It was one thing when bogus wild salmon turned up in New York City. But now researchers have found farm-raised Atlantic salmon menued as wild caught Pacific salmon at restaurants in Tacoma, WA, home port for a number of actual wild salmon fishermen. What would they find if they looked in your walk-in?
RH has written about seafood switcheroos since as early as 2006 and as recently as this past May. These stories were mainly about grouper, with the substituted fish being cheap farmed imports from Asia.
Restaurant owners get burned twice when this happens. First they pay too much for poor quality fish. Then they wind up with disappointed customers, who also overpay for something they will likely find disappointing.
But even we were surprised to learn what researchers at the University of Washington Tacoma found when they took samples from local restaurants. You’d think the Puget Sound area would be the last bastion of salmon purity, but 38 percent of samples taken from restaurants promoting wild-caught Pacific salmon there were actually farm-raised Atlantic salmon. In other instances, restaurants were menuing good-but-common coho (aka silver) salmon as king salmon, the most prized and most expensive of the five salmon species.
“I’m shocked at the number of substitutions that we encountered,” UW Tacoma assistant professor of biology Erica Cline told the Associated Press. “It’s consumer fraud.”
The study also looked at supermarket salmon, finding that just seven percent of samples taken there had been mislabeled.
Among restaurants, less-expensive sushi operations and teriyaki-style restaurants were the biggest offenders. Researchers, who used DNA testing to analyze samples, found few problems at upscale and fine dining restaurants.
The 2005 New York City investigation was performed on behalf of the New York Times. Reporters there found themselves wondering how wild-caught salmon could be available year-round when quotas, limited-opening fisheries and the natural rhythms of salmon runs made them highly seasonal.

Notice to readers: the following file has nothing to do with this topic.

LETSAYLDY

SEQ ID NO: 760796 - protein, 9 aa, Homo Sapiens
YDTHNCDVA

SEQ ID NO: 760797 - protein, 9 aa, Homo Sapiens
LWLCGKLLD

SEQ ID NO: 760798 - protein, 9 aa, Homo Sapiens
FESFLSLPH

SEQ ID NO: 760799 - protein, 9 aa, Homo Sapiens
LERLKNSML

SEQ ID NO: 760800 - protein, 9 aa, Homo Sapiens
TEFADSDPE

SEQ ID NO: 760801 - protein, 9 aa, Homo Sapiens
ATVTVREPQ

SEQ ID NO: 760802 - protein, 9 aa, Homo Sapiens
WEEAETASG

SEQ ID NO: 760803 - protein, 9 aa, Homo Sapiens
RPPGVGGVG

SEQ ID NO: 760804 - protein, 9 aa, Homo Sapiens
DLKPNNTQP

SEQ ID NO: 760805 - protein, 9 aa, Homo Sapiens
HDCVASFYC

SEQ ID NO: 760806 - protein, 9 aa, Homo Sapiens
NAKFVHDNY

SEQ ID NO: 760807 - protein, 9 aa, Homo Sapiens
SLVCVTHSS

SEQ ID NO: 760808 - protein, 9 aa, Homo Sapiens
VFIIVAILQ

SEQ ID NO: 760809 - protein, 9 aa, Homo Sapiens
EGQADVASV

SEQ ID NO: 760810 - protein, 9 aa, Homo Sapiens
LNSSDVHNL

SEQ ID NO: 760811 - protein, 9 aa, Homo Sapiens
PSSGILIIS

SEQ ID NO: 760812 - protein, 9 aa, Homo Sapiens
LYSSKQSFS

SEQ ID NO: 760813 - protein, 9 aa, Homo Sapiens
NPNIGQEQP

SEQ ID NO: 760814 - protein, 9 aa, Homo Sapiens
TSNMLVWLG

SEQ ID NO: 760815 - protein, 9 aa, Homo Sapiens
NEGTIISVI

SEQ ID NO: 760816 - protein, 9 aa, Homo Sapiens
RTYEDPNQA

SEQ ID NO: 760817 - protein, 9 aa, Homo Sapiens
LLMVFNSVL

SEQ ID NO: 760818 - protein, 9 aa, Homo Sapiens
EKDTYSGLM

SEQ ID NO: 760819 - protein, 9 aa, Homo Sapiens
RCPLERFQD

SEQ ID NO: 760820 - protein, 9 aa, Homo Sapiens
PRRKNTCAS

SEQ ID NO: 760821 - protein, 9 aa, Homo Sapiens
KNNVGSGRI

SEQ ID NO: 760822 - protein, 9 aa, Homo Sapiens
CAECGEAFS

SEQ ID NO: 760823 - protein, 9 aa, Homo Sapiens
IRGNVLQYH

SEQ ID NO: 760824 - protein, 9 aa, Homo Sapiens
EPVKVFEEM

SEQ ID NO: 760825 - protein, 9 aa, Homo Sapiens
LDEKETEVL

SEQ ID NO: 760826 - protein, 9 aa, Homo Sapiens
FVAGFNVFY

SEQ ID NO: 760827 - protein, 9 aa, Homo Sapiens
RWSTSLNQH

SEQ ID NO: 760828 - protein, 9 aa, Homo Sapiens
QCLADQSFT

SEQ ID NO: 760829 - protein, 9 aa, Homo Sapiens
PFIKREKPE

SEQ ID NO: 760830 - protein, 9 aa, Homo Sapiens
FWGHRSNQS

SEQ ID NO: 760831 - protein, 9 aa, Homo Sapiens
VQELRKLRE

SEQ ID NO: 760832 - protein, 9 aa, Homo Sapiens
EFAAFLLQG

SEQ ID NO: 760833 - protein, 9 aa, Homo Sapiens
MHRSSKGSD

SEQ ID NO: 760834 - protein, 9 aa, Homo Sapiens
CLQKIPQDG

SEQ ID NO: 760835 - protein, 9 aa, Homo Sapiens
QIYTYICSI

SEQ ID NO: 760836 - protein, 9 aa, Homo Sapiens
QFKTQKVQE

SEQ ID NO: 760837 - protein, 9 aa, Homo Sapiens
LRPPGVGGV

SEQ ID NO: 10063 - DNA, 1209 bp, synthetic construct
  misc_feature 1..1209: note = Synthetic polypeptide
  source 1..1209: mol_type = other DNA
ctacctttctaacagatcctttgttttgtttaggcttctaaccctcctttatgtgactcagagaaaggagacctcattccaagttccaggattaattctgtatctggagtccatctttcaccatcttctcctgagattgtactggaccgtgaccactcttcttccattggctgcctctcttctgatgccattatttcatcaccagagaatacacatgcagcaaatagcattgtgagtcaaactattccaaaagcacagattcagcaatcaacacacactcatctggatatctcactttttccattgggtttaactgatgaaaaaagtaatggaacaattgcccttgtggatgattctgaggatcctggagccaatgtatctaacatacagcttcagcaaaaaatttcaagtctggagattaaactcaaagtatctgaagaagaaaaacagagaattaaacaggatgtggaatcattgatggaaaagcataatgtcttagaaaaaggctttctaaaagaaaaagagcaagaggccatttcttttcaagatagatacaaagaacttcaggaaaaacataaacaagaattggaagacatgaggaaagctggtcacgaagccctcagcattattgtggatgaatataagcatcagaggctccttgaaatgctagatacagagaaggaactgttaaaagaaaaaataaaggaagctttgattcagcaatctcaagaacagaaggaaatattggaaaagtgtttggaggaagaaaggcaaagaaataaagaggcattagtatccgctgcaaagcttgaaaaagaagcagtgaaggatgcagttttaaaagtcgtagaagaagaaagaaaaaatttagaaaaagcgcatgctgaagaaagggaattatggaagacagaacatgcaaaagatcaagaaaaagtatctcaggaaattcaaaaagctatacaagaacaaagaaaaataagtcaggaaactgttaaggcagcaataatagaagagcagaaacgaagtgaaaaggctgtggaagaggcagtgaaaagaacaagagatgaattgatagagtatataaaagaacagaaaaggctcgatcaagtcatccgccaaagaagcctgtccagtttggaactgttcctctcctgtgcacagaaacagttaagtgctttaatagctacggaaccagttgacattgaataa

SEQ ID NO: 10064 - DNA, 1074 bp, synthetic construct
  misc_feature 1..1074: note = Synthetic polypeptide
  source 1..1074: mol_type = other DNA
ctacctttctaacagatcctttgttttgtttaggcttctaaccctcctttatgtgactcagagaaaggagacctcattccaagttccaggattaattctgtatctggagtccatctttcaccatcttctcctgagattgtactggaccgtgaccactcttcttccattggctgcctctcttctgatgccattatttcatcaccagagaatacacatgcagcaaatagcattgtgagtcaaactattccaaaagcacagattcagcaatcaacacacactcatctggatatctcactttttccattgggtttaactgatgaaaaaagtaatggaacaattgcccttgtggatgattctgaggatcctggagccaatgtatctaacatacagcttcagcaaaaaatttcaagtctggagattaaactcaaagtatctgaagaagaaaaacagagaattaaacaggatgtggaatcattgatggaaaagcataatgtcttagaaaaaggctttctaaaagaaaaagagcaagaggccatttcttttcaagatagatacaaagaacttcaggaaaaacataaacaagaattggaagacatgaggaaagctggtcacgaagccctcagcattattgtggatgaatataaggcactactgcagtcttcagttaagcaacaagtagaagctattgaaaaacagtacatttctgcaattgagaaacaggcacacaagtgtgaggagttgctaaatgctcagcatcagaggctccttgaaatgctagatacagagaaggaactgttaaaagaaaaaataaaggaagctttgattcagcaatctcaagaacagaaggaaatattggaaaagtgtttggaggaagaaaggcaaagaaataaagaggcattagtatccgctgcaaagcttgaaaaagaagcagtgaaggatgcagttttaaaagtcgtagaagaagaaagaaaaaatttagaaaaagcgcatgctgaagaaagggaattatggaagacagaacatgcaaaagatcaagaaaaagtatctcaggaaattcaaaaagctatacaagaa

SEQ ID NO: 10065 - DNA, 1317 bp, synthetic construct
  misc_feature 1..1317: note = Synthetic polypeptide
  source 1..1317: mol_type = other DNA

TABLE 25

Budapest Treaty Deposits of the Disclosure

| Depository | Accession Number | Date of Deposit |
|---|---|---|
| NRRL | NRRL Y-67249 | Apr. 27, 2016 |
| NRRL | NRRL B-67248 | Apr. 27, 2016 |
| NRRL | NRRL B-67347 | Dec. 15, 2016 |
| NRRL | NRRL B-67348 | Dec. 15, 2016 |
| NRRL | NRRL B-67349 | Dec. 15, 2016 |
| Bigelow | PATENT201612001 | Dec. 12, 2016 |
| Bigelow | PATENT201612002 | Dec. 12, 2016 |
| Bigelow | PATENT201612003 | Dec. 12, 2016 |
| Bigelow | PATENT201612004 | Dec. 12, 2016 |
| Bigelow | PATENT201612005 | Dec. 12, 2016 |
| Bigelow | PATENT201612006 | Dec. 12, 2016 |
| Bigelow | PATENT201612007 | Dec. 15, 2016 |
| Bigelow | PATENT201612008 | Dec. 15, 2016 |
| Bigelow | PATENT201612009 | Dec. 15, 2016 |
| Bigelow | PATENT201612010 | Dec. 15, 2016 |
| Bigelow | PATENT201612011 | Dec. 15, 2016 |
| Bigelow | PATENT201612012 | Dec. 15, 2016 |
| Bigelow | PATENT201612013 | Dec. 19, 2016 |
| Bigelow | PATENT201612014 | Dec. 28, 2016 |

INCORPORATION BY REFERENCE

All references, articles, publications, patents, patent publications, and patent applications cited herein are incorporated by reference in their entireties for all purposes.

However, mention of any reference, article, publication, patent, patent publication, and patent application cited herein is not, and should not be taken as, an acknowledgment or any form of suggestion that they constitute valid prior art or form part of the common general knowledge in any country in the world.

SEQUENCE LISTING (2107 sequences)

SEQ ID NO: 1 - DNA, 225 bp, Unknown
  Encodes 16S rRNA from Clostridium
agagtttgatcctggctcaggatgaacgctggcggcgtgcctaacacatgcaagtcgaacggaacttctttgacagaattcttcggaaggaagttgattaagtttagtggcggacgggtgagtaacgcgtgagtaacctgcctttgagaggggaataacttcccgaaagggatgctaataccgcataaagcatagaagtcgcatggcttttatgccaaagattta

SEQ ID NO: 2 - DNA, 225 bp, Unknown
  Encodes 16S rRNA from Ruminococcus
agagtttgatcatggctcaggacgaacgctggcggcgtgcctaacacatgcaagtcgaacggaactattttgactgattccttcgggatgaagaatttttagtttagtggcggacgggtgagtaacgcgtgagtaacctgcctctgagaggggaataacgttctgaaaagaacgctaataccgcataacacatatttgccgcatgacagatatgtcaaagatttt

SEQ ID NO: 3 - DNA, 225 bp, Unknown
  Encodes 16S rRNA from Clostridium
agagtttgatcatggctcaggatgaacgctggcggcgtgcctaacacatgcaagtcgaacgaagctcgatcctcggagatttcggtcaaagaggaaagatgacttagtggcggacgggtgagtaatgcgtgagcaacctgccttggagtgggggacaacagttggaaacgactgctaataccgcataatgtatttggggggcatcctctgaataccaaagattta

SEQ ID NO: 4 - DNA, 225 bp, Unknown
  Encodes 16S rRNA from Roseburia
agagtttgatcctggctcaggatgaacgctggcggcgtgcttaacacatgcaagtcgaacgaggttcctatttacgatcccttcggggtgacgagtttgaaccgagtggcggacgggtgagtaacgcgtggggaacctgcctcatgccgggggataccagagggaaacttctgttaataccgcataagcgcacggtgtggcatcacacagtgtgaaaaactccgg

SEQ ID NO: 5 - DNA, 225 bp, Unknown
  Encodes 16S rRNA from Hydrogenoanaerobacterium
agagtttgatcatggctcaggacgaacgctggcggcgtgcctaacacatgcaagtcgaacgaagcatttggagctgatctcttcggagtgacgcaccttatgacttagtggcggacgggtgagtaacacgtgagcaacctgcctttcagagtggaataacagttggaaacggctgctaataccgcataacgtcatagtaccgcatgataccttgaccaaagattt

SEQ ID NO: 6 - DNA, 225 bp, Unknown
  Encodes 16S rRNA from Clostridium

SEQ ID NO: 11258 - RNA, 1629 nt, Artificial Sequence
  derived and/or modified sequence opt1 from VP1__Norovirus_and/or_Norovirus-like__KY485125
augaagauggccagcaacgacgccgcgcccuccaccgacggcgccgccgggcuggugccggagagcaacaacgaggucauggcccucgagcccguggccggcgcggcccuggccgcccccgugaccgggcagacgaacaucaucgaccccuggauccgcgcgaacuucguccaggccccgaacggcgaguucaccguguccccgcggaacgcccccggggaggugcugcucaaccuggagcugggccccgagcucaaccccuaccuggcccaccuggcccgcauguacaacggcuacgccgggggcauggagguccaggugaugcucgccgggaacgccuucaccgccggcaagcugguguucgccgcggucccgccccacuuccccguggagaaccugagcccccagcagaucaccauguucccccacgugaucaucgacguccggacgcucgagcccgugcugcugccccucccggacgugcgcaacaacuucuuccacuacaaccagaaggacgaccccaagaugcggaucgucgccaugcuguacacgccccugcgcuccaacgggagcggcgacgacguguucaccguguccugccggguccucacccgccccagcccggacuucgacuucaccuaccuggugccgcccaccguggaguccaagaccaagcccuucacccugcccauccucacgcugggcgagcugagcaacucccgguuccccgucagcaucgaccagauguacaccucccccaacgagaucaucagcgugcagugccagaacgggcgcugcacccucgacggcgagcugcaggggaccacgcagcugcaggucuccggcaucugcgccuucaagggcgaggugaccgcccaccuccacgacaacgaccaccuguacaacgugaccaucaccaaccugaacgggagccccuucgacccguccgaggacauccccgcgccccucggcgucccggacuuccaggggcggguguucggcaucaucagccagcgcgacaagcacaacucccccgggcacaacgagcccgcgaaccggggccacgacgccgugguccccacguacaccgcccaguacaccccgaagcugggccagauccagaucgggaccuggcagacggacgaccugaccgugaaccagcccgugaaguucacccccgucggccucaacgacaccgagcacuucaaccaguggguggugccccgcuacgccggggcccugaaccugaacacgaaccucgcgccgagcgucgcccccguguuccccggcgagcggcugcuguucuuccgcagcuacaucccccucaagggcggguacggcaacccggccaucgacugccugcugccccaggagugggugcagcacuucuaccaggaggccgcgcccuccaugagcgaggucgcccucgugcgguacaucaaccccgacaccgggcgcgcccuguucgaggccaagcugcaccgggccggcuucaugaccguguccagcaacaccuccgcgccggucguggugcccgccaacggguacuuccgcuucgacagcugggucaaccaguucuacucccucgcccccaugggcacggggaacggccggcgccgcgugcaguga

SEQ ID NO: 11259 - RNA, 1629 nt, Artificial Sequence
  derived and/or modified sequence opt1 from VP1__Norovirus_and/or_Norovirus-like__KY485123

The Times study was restricted to high-end specialty shops, not restaurants. It found that six of the eight fish bought for the investigation and labeled “wild-caught” were in fact farm-raised. Esca chef David Pasternack told the paper “buying authentic wild salmon ‘is like a crapshoot.’” This new study from the University of Washington Tacoma tells restaurants owners it might still be one.
There might be something you can do to ensure you don’t wind up paying wild-caught Pacific salmon prices and misleading your customers by serving them purposely mislabeled farmed Atlantic salmon. It doesn’t apply to Washington state-caught fish, but does give you some protection if you source salmon from the much-larger Alaska fishery. Beginning this summer, the Alaska Seafood Marketing Institute offers a “Chain of Custody” certification program. If your salmon is delivered in a package whose label bears the statement “sourced from a certified Alaska fishery,” you’re getting the real deal. If the package doesn’t have that statement, you might or might not be getting the real deal.
Of course, the UW Tacoma study didn’t address the key issue: who’s behind the menu claim about the bogus wild-caught salmon? If the supplier slips one over on you, shame on him. If you are making the false claim of your own volition, shame on you. Unfortunately, even salmon has become a seafood category where a little bit of due diligence is now required on the restaurant owner’s part.